Le Corbusier, 100 years on: Celebrating the architect’s most iconic buildings

The Swiss-French starchitect’s foundational book, ‘Toward an Architecture’, turns 100 this year. The source of both revilement and adoration, Euronews Culture looks at “Le Corb” and the indelible legacy he left behind.

“A house is a machine for living in.”


With this brief sentence, Swiss-born French architect and designer Charles-Édouard Jeanneret (or “Le Corbusier”) summarised the crux of his functionalist vision in the so-called “manifesto” of modern design, Toward an Architecture (Vers une architecture), which this year celebrates its 100th anniversary.

In a career that spanned from the first years of the 20th century until his death in 1965, Le Corbusier laid the foundations for a new architectural epoch which made him one of the most revolutionary – and consequently, polarising – figures in European and global history.

His sleek, clear geometric designs represented a sharp divide from the more fanciful Belle Époque styles that flourished across Europe in the late 19th and early 20th centuries, and he became one of the key modernist architects at a time of schism with traditionalist schools of thought.

The Swiss-French “starchitect” provided the blueprint of post-war urban designs. In the decades shortly after Toward‘s publication, gone were the Rococo-recycled frills and neo-Gothic romanticism of fin-de-siècle European styles, as cities around the world were taken over by functional, spacious, concrete buildings.

Le Corbusier’s legacy has been decidedly polarising. “Le Corb”, as many of his followers affectionately nicknamed him, has seen 17 of his projects designated as a UNESCO World Heritage Site.

Nevertheless, a backlash against the perceived “soulless” and “harsh” aesthetic canons of the modern architecture he inspired – which some deem to have eviscerated European cities of their idiosyncrasies – is on the rise, and has even gained traction on X, the social media platform formerly known as Twitter. And, lest we forget, the architect himself had certain affinities for some of the darker currents of early-20th century history, namely Fascism and Nazism.

Yet, for better or for worse, Le Corbusier’s impact on our cityscapes is undeniable. To mark the centennial of his publication, Euronews Culture looks at some of the Swiss-French pioneer’s most iconic designs and buildings across Europe.

1. Villa Savoye (Poissy)

Completed in 1931, this villa, considered the crown jewel of Le Corbusier’s collection, was built for the wealthy Savoy family, in the Parisian hinterland. Deemed the architect’s “Parthenon”, it exemplifies the “five points” of architectural theory he outlined in the 1920s, with its clean-cut lines and open space.

2. Notre-Dame du Haut (Ronchamp)

One of Le Corbusier’s post-WWII designs, completed in 1955, Notre-Dame is the magnum opus of his ecclesiastical work. Sitting atop the Bourlémont hill in the southern part of the Vosges mountain range, the concrete chapel has a distinctive asymmetrical floor-plan and free-flowing shape which possesses a distinctively natural, almost naïve and childlike, quality. Unsurprisingly, it continues to attract tens of thousands of tourists every year.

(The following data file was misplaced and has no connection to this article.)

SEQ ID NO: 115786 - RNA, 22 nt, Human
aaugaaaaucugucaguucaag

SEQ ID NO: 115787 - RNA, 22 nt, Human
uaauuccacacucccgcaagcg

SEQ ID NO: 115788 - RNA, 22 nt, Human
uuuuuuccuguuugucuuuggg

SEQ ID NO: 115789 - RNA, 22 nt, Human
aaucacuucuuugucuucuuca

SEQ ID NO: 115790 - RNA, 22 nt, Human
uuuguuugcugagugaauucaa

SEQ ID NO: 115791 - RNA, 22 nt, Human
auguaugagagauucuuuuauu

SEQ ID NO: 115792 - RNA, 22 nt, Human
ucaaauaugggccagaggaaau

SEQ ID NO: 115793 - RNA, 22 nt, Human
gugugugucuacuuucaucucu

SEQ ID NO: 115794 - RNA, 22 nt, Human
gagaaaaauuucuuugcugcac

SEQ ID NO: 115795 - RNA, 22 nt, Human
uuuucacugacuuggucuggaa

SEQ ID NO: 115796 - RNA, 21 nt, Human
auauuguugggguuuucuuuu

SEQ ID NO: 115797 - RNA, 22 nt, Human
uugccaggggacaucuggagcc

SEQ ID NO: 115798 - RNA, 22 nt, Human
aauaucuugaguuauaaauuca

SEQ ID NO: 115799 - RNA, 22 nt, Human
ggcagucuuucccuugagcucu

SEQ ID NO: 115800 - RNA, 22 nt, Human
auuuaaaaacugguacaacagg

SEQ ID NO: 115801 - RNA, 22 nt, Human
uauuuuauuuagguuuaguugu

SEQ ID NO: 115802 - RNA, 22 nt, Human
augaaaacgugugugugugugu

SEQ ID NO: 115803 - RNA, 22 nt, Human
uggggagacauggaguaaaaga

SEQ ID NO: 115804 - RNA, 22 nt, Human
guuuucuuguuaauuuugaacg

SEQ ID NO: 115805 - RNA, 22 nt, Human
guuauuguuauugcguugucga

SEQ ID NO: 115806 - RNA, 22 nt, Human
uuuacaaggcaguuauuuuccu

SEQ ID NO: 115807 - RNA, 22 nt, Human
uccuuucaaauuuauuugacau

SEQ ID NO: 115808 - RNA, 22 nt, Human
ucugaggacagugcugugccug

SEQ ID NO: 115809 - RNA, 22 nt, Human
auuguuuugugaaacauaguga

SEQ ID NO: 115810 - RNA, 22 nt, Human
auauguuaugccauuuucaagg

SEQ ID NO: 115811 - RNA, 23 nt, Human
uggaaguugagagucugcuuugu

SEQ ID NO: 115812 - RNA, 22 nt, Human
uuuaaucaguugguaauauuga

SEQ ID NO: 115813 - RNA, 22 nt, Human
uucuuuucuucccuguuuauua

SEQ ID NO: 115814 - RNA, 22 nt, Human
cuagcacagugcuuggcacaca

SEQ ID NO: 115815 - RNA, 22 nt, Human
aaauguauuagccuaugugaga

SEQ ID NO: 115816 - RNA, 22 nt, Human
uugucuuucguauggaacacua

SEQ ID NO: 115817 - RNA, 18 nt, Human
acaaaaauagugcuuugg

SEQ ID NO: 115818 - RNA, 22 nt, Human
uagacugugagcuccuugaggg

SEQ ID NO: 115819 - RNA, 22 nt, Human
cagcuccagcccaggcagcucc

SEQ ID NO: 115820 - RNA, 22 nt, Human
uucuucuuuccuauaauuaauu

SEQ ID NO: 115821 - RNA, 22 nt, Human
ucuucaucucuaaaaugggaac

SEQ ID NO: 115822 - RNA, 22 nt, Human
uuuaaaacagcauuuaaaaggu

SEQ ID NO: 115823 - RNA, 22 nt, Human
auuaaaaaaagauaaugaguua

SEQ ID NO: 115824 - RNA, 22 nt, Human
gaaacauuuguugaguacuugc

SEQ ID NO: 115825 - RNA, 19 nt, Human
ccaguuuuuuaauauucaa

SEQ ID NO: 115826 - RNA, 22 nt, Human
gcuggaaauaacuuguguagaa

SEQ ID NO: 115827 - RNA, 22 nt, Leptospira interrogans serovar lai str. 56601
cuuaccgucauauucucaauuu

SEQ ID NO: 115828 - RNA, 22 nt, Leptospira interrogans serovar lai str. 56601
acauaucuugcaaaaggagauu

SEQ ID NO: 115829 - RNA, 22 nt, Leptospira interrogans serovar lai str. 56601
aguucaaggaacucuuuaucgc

3. Maison La Roche-Jeanneret (Paris)

Built from 1923 to 1925, Maison La Roche saw Le Corbusier team up with his cousin, Pierre Jeanneret – his collaborator for the good part of two decades – to design a grand mansion complex for two clients: the former’s own brother, Albert Jeanneret, and a wealthy Swiss banker, Raoul La Roche, who wanted a space for his extensive Cubist art collection. The villa’s clean, L-shaped white design stands in stark contrast to the neighbouring Parisian Beaux-Arts houses, with their ornate balconies and mansard rooftops.

4. Pavillon Le Corbusier (Zürich-Seefeld)

One of Le Corbusier’s last works, Pavillon Le Corbusier was completed in 1967, two years after his death. A Mondrian painting in three-dimensional form, with its multi-coloured blocks and sleek black lines, the Pavillon now hosts a modern art museum which went through a decades-long reconstruction process before opening to the public and being acquired by Zürich’s city council in 2014.


5. Corbusierhaus (Berlin)

Few residential apartment blocks are as majestic – and internationally renowned – as Berlin’s Corbusierhaus, officially part of the architect’s Unité d’Habitation housing projects. Opened in 1958, its mastodontic, unyielding rectangular design is considered one of the pre-eminent examples of brutalism – perhaps the most infamous and divisive of 20th-century architectural styles.

6. Saint-Pierre (Firminy)

Le Corbusier never got to set his eyes on Saint-Pierre, which commenced 8 years after his death, and would only be completed in 2006. All this notwithstanding, the church – one of the architect’s three religious designs – has been revered as one of the most influential architectural works of the turn of the millennium. 

Its spaceship-like design may evoke visions of UFOs more than those of Jesus, but it was nonetheless awarded second place in the 2010 World Architecture Survey’s list of top buildings constructed in the 21st century.

7. Convent of Sainte Marie de La Tourette (Éveux)

For most people, the words “French convent” would conjure images of austere Gothic churches, half-hidden by overgrown ivy, in the middle of the Hexagon’s sprawling countryside. 

Le Corbusier’s own design for one Dominican priory outside Lyon, on the contrary, would at first sight seem closer to the headquarters of a secret service. The U-shaped monastery, built from 1953 to 1958, has reinforced concrete walls which enclose spacious, spartan halls with views of the genteel Rhône countryside.

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